The Physics of Usain Bolt's World Record 100-meter Dash

Back in 2009, Jamaican sprinter Usain Bolt ran the 100-meter dash in a record setting time of 9.58 seconds. A recent study highlights the astounding physics behind this unprecedented human achievement.

An interesting thing about Bolt is that he's 6ft 5in tall. That means he needs to expend a bit more energy than the average sprinter in order to overcome the drag caused by wind resistance; he's actually not very aerodynamic relative to other runners. But that said, his record was the biggest increase since timing was introduced in 1968. He's truly a freak of nature.

According to a mathematical model that now appears in the European Journal of Physics, Bolt's maximum power occurred when he was less than one second into the race — but while he was running at only half his eventual maximum speed, which registered at the jaw-dropping rate of 12.2 meters per second (40 feet/second), or 43.92 km/h (27 mph).

His acceleration out of the the starting blocks clocked in at 9.5 meters per second squared, (31.2 ft/s2, which is almost 0.97 g (the acceleration due to Earth's gravity), and he generated an incredible 2.6 kilowatts of power (3.5 horsepower) less than a second later.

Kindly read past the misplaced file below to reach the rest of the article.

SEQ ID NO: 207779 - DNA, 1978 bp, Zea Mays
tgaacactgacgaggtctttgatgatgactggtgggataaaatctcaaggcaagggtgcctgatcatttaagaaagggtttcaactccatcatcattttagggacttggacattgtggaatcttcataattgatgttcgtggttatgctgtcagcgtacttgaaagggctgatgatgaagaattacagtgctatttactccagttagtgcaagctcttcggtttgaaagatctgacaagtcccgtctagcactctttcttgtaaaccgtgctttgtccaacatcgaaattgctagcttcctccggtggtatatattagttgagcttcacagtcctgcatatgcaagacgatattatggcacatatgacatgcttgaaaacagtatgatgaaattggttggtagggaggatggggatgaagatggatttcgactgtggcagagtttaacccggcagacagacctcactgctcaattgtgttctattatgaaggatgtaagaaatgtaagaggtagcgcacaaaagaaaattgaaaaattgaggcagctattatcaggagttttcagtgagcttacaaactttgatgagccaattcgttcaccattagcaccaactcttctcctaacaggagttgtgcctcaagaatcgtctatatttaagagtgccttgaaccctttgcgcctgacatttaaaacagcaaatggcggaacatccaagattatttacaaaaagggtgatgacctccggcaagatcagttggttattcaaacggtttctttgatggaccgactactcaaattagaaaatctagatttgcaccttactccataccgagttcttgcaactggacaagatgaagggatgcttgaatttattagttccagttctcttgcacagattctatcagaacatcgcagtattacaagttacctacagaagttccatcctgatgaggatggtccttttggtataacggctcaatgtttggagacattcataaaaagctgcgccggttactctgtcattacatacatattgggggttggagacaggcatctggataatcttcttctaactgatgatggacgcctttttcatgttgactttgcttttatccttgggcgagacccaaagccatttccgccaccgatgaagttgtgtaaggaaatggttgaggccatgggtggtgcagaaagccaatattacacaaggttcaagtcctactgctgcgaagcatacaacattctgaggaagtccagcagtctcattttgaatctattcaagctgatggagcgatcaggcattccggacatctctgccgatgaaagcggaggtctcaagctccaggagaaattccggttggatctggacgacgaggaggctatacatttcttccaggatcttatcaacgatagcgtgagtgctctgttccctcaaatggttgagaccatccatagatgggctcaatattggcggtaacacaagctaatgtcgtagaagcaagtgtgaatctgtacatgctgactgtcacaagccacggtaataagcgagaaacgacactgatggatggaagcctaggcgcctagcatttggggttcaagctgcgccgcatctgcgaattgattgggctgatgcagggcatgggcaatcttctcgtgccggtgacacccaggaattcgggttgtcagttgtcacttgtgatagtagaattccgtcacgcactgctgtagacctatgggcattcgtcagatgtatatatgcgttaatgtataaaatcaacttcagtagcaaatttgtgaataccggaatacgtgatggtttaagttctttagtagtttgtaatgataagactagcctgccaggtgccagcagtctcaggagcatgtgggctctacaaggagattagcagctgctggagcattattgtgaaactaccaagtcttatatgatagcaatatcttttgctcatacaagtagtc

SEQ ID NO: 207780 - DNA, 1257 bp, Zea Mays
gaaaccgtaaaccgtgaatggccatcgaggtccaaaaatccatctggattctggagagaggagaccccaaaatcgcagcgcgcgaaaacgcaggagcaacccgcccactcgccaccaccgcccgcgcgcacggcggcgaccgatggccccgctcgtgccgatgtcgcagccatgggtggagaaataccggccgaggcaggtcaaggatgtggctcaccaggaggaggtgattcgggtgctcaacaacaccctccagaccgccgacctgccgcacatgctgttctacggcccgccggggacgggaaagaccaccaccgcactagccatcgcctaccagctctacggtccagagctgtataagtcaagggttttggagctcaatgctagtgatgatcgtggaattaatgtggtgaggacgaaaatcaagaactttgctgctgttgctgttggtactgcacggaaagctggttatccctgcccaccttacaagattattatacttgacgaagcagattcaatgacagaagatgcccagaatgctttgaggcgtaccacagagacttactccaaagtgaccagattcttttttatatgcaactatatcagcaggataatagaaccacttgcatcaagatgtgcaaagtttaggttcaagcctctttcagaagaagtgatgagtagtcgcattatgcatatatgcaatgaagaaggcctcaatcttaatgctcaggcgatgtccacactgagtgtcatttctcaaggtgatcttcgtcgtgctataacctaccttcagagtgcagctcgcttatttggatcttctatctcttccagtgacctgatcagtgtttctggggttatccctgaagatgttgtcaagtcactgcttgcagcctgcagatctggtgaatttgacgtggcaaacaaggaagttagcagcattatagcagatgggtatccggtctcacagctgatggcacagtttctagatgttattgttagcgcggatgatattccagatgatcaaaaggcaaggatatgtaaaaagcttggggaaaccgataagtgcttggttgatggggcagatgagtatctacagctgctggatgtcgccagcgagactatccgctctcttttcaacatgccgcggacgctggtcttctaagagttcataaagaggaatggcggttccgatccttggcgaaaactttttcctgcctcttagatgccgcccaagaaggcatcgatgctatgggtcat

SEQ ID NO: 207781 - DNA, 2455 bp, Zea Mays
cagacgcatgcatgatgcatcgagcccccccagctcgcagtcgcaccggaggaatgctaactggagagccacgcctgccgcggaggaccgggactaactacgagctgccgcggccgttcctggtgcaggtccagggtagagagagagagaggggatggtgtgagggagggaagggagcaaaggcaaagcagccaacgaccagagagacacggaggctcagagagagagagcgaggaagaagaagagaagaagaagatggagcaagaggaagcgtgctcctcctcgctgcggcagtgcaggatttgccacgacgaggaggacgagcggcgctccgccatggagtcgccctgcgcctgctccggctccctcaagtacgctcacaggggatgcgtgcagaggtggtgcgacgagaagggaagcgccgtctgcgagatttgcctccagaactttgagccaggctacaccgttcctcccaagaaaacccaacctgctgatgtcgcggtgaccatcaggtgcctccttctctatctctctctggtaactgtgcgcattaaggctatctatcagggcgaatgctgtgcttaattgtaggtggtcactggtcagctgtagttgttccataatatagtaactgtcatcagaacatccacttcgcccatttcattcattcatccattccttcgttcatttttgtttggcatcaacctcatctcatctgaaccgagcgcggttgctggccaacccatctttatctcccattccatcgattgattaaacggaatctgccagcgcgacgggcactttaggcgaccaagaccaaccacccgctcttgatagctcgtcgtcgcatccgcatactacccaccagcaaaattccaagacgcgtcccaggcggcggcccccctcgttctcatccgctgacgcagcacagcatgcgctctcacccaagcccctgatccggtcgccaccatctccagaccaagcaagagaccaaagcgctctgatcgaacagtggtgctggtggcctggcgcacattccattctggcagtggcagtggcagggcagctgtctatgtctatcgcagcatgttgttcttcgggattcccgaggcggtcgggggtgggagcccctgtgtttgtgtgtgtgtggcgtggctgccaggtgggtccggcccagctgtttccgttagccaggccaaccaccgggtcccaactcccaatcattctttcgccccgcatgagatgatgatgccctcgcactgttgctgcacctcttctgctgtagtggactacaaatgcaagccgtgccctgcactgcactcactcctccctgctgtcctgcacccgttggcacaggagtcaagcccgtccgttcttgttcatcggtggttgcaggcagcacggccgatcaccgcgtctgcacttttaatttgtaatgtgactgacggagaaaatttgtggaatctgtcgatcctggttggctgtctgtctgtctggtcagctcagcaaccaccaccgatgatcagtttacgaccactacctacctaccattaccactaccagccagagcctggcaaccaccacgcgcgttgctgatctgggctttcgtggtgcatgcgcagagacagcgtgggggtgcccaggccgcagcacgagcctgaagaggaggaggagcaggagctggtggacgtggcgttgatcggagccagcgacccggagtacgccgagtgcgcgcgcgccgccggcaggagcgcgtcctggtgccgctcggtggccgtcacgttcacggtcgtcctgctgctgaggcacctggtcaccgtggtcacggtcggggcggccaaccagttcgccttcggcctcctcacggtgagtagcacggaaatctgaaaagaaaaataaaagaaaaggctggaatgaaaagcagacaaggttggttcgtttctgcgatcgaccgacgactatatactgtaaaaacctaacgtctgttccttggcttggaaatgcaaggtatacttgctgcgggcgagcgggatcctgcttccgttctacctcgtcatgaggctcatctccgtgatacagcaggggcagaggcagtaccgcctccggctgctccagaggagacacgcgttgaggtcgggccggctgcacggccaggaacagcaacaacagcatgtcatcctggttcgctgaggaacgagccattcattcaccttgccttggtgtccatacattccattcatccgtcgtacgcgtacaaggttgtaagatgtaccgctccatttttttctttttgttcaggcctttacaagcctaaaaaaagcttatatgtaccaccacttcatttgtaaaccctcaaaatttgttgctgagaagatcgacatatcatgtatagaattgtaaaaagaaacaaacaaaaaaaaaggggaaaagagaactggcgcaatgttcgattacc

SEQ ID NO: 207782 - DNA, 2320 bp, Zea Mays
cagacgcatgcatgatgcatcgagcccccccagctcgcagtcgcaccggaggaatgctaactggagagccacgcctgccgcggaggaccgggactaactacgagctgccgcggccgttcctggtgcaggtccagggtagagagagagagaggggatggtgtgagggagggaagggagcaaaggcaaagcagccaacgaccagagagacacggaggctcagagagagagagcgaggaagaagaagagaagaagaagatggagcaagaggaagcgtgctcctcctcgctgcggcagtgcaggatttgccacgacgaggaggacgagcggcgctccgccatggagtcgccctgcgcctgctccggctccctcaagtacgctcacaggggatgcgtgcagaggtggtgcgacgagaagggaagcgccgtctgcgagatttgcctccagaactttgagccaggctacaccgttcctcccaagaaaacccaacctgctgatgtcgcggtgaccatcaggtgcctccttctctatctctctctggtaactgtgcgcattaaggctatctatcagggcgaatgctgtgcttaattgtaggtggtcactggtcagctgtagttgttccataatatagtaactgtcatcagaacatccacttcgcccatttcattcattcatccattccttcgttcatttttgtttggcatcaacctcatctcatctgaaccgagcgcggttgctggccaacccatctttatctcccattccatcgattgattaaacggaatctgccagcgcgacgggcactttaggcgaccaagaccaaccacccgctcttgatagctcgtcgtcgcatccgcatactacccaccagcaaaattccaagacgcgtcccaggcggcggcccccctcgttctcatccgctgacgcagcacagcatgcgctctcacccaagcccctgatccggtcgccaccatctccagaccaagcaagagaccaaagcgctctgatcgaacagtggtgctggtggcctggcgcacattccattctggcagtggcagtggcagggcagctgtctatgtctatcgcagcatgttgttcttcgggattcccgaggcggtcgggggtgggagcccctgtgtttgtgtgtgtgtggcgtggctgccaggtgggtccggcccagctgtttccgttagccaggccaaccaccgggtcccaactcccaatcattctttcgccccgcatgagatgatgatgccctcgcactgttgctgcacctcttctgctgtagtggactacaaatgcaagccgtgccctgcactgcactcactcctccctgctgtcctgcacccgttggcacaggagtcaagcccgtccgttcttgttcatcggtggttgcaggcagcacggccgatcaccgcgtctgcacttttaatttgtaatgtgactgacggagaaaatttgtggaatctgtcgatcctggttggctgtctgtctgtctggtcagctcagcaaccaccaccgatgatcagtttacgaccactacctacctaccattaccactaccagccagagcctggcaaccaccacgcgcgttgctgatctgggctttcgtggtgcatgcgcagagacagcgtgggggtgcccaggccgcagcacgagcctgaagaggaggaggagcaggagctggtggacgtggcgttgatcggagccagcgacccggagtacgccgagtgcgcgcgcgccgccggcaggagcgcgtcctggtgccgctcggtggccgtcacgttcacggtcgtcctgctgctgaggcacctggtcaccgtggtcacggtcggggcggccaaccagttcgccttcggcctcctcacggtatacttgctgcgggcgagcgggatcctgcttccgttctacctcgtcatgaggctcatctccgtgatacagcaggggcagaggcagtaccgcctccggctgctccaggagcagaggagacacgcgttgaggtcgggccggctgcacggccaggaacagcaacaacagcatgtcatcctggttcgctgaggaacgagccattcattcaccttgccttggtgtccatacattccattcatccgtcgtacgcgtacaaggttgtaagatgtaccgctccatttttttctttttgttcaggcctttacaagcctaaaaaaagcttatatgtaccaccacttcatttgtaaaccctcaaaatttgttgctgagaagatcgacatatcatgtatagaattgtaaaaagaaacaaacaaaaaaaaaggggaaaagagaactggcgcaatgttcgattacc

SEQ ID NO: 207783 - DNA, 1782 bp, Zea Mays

The study also showed that less than 8% of the energy his muscles generated was used for motion, the rest absorbed by drag. The physicists suspect that Bolt makes up for his large frame and slow reaction-time by virtue of his tremendous stride and fast twitch muscle fibres.

Interestingly, Bolt ran the 100-meters with a slight wind at his back. But even without that assist, calculations showed he would have finished the race only 0.1 second slower — which would still have still resulted in a world record.

Read the entire article at the European Journal of Physics: "On the performance of Usain Bolt in the 100 m sprint."

Image: Getty.